tv AB Cs World News With Charles Gibson ABC August 10, 2009 6:30pm-7:00pm EDT
no thanks, i'm good. welcome to "world news." tonight, flu lessons. students already headiding backo clasass, as schools scramble to prevent swine flu and there will be no vaccine until late fall. crash questions the deadly collision over the new york's hudson river. no supervision lying low over that river. capture or kill. u.s. targets terrorists in afghanistan getting money from
the drug trade. capture them or kill them. health check. furious words of flying for end of life care. we have a fact check and a soldier's heart beats on, giving we have a fact check and a soldier's heart beats on, giving life after his death. captions paid for by abc, inc. good evening. stew debts are always nervous on the first day of school. where will i sit? who will eat lunch with me. what is the teacher like? but this year it is the school administrators who are nervous? can be prevent h1n1 swine flu, how virulent is it going to be in children go back to school tonight and they said the virus is ready to explode. we're looking at a big mess. steve osunsami where classes begun today.
>> reporter: good evening. in this county, handing out hand sanitizer hoping to keep students safe. in atlanta's public school where's more than 50,000 students started classes this morning, they're teaching students ways to avoid the swine flu virus with signs and slogans to wash their hands like clean gene and teach germs a lesson. >> we don't want them coughing into their hands, prefer them to cough into a tissue or elbow. when you shake hands and coughing you'll spread germs. >> reporter: outside the city, nina morgan is sending her son nicholas to the eighth grade. she says she's really worried about october and november, when the flu season has always been a problem. jtsdz talked about no high
fiving. instead we'll do that. >> reporter: they stress personal hygiene, keeping surfaces clean. they will keep schools open if there's an outbreak. >> we're just going to have to go by what information we're provided because it changes very rapidly as the cdc and others become more aware of what we're dealing with. >> reporter: at this private school across town -- >> be careful. >> reporter: student th leads were told not to share food or towels. if they cough or have a headache they are not allowed to practice. students with the slightest fever. >> we'll keep checking every fever we have we have to test to make sure we don't have swine flu on our hands. >> reporter: the beth weapon is to make sure americans are immunized and fully protected. steve osunsami, thanks.
divers searching for bodice the accident brought to light that there is no supervision over low-flying planes in this very crowded air space. abc's lisa stark in hoboken, new jersey. >> reporter: in 60 feet of murky water divers were able to find the wreckagef piper lancer. >> some parts separated from the helicopter and fixed-wing aircraft at the time of the collusion, we'll continue to look for all of the aircraft parts. >> reporter: remains of two of the nine victims have not yet been recovered. as the search continues, police release some anxious 911 calls from eye witnesses to the mid air collision. >> it was struck by a small plane and the helicopter went straight down. i'm not sure what happened with the plane. >> reporter: the accident led to calls for more restrictions in the low altitude corridor over the hudson where aircraft operate on their own without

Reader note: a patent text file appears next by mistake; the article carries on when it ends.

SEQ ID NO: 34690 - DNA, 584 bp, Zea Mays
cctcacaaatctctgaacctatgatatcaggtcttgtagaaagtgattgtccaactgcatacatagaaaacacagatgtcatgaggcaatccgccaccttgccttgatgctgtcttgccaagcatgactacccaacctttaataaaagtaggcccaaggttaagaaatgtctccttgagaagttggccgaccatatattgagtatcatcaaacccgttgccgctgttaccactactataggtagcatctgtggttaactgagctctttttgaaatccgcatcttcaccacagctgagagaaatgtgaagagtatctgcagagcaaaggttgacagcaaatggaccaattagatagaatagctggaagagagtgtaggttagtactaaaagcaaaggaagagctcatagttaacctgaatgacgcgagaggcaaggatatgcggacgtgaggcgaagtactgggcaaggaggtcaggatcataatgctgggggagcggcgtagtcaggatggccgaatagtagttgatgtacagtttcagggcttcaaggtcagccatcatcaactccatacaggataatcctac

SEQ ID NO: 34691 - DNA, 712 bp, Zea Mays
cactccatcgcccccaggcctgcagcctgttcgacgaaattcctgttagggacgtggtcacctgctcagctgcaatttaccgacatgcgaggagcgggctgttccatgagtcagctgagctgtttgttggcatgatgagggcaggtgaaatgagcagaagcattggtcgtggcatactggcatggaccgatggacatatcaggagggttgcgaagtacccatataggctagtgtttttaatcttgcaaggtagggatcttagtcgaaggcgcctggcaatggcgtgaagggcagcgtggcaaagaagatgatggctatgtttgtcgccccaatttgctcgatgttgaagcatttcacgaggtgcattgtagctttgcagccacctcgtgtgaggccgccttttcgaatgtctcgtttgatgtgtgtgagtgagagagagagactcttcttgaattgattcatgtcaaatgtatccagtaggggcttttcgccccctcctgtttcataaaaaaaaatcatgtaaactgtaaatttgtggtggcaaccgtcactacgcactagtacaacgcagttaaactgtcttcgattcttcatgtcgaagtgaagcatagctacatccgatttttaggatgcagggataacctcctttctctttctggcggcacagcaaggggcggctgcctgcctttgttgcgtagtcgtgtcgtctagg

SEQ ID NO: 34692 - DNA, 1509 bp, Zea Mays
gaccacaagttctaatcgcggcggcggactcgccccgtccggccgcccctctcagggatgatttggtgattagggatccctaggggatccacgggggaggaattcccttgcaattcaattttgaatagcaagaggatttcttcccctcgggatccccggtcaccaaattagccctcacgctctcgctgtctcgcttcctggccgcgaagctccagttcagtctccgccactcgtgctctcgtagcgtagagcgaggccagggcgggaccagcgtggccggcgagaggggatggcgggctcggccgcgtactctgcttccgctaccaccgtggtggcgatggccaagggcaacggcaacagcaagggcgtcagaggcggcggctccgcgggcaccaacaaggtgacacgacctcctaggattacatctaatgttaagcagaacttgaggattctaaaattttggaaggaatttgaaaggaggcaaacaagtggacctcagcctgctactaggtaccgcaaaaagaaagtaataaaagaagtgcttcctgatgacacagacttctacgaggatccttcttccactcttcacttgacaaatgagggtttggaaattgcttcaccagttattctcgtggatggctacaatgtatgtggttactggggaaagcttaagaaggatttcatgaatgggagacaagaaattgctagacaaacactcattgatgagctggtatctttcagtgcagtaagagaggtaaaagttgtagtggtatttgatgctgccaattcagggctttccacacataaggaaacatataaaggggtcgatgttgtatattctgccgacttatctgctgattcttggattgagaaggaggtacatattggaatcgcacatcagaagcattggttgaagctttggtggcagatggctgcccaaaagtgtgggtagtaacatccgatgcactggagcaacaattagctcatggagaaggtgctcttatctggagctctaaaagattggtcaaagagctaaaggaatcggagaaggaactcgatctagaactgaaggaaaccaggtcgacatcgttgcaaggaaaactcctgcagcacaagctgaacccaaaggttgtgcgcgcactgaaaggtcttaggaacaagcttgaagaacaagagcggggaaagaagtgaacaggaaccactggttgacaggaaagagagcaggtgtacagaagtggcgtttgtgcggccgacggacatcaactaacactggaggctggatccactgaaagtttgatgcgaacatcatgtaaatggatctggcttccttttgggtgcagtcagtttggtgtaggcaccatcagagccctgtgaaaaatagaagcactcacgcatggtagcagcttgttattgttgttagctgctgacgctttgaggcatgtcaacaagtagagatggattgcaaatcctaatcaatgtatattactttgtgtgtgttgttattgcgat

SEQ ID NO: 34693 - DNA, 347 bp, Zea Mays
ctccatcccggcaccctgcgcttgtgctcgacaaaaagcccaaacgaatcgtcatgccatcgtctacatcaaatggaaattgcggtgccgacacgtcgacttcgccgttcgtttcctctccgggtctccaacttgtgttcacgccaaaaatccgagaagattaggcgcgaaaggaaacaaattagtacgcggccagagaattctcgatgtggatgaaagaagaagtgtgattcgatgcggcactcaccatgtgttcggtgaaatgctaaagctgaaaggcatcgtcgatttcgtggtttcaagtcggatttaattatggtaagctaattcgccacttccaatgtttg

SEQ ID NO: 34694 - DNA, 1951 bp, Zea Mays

direction from air traffic control. >> right now we're flying through what is called this exclusion zone over the hudson river, below 1100 feet. it's where pilots are responsible for seeing and avoiding other pilots for talking to each other, so they know where other pie lots are. >> reporter: pilot paul dudley has flown here for 25 years. >> your primary need is to scan and listen, and this is not unsafe at all. >> reporter: scanning for other aircraft, listening for pilots calling out their positions. and in this helicopter, extra protection from an on-board tracking system. >> each of those triangles represents another aircraft. >> reporter: it's not known in the aircraft in saturday's accident had such a system. most don't. there have been an avera of 11 mid-air accides a year in the u.s. >> they occur in different places for different reasons. certainly there's a commo theme of people not being aware of each other. >> reporter: the ntsb made numerous recommendations, many
of which had not been implemented. lisa stark. abc news, hoboken new jersey. next to a blunt pentagon order. dozens of drug lords in afghanistan are to be taken dead or alive. captured or kills. a senate report provides details of a plan that targets narcotics traffickers whose drug minie finances the taliban. chief investigative drive ross. >> the military got the green light for the program in october. according to a senate report there are 5afghan drug lords on u.s. hit list r. prime targets for what some call battlefield assasinations. this operation in may is skulled a turning point as they land in taliban-controlled poppy fields
in tproffer convince. he and 60 of his men were killed. until recently the ci ask and military worked with businesses that helped the taliban. >> we have to sut off the fuel. it's based on drug money. we shut off all of the other primary funds. >> reporter: now any drug trafficker tied to the taliban is in the crosshairs of the u.s. military. the report from the senate foreign relations committee says it does not authorize targeted assassinations away from the battlefield. with most of the country considered part of the battlefield especially in poppy growing areas, the u.s. military killed or captured several on the hit list. >> what we realized clearly, we weren't going to get out of afghanistan until our military became more actively and more aggressively engaged. >> reporter: the senate report also found massive corruption in all levels of government and the